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Neurosurgery. 2006 Jul;59(1):15-20; discussion 15-20.

Changes in the utilization of spinal fusion in the United States.

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1
Department of Neurosurgery, University of Michigan Health System, Ann Arbor, Michigan 48109-0338, USA.

Abstract

OBJECTIVE:

Several reports suggest that spine surgery has experienced rapid growth in the past decade. Limited data exist, however, documenting the increase in spinal fusion. The objective of this work was to quantify and characterize the contemporary practice of spinal fusion in the United States.

METHODS:

Clinical data were obtained from the Nationwide Inpatient Sample for the years from 1993 to 2003. All patients with International Classification of Disease, Ninth Revision, Clinical Modification (ICD-9-CM) procedure codes indicating cervical fusion, thoracolumbar fusion, lumbar or unspecified fusion were identified (n = 471,990). Primary ICD-9-CM diagnosis codes were used to determine the rationale for surgical fusion. Population-based utilization rates overall and for each procedure were calculated from United States census data. Rank order of spinal fusion compared with other inpatient procedures from the Nationwide Inpatient Sample was reported for the years 1997 to 2003.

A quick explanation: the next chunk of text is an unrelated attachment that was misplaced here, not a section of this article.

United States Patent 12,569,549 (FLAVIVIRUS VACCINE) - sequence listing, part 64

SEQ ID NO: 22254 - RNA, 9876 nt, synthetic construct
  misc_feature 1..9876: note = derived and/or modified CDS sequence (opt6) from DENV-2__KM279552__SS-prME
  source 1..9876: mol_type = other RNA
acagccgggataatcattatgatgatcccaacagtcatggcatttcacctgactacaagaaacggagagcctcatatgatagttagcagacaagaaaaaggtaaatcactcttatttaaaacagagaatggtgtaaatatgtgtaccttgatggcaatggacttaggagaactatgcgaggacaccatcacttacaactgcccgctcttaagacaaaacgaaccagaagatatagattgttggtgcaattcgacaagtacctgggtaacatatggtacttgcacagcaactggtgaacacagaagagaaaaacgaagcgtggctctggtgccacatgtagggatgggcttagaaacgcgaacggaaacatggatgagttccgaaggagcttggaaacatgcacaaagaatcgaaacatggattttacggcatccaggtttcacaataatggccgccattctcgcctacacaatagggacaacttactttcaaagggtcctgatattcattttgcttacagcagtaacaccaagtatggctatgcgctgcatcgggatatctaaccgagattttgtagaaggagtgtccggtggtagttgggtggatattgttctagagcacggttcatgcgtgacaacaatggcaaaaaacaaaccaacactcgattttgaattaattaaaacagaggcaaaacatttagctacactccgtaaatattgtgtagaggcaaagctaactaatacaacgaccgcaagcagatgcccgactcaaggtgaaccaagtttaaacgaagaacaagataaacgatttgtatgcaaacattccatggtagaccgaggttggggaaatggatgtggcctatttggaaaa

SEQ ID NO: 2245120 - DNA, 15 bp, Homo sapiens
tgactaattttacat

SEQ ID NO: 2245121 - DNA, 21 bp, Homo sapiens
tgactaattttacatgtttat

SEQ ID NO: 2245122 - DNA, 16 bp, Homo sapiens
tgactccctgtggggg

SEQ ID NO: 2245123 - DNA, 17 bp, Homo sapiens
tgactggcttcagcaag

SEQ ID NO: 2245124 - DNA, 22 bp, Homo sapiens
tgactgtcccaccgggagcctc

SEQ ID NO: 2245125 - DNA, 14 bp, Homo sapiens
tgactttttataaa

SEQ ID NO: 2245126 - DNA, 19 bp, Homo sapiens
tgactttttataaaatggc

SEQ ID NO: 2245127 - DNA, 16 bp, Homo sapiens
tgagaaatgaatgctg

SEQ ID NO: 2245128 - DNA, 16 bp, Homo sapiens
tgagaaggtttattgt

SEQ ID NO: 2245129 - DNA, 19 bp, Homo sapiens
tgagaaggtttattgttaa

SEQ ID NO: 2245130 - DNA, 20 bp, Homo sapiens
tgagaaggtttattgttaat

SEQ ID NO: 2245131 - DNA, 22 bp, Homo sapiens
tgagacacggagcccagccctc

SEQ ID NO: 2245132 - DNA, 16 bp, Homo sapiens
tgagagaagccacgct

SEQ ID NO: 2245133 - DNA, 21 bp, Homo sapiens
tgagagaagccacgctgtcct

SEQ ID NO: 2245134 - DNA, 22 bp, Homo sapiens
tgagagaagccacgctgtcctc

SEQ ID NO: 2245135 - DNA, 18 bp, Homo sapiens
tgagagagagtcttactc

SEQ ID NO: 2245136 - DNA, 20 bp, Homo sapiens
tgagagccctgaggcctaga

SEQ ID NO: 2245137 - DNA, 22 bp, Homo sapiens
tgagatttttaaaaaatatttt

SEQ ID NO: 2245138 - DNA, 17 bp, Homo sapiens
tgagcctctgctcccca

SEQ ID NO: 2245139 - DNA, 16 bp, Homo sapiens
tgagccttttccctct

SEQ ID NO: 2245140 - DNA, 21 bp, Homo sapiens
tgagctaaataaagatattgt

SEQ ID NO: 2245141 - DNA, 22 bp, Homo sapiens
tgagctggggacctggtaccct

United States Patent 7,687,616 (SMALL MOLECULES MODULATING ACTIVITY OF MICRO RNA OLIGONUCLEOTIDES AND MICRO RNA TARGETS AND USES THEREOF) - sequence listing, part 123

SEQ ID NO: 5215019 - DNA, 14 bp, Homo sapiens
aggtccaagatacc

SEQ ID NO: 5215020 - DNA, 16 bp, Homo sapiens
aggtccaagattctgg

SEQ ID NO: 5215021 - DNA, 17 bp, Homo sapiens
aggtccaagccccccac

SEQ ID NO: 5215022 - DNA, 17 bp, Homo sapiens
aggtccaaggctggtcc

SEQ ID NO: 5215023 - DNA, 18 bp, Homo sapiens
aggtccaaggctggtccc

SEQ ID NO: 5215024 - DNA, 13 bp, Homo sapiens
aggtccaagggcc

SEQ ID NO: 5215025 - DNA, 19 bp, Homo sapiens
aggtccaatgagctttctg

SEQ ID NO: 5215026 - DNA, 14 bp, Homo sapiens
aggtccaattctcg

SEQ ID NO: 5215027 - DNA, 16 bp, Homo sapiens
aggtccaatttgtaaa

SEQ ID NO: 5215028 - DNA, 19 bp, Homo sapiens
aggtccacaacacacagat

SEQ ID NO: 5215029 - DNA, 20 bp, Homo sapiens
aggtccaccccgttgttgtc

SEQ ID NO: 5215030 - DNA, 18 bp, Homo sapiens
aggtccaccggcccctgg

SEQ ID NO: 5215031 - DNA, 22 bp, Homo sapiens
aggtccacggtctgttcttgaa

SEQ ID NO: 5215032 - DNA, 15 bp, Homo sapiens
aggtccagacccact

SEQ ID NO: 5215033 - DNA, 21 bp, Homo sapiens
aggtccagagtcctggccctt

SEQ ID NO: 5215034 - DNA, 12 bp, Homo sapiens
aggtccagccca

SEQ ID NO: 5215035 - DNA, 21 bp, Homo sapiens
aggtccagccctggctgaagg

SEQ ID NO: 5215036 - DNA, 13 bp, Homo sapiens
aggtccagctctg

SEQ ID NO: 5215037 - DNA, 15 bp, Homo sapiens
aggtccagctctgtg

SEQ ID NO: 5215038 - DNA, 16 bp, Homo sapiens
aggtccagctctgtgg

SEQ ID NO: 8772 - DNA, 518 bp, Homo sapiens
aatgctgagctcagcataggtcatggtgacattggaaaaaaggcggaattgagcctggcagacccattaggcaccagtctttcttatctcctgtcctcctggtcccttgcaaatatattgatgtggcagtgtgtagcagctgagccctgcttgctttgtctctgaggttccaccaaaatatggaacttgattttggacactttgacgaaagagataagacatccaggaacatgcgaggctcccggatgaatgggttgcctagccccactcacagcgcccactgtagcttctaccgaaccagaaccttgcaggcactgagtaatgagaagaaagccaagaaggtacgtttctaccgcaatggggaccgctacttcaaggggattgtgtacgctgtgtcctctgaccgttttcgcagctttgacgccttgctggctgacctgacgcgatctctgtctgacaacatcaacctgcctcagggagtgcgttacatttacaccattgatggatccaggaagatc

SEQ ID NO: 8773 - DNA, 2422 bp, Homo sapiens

RESULTS:

Overall utilization increased during the time period for cervical, thoracolumbar, and lumbar fusions by 89, 31, and 134%, respectively. Patients aged 40 to 59 years experienced the rapid rise in utilization for cervical fusions (60-110 per 100,000) and lumbar fusions (35-84 per 100,000). For patients 60 years and older, utilization also increased for cervical (30-67 per 100,000), thoracolumbar (4-9 per 100,000), and lumbar (42-108 per 100,000). Spinal fusion rose from the 41st most common inpatient procedure in 1997 to the 19th in 2003.

CONCLUSION:

Cervical, thoracolumbar, and lumbar spinal fusion have experienced a rapid increase in utilization in isolation and compared with other surgical procedures in contemporary practice. These changes are most pronounced for patients over 40 years of age, and degenerative disc disease seems to account for much of this increase.

[Indexed for MEDLINE]

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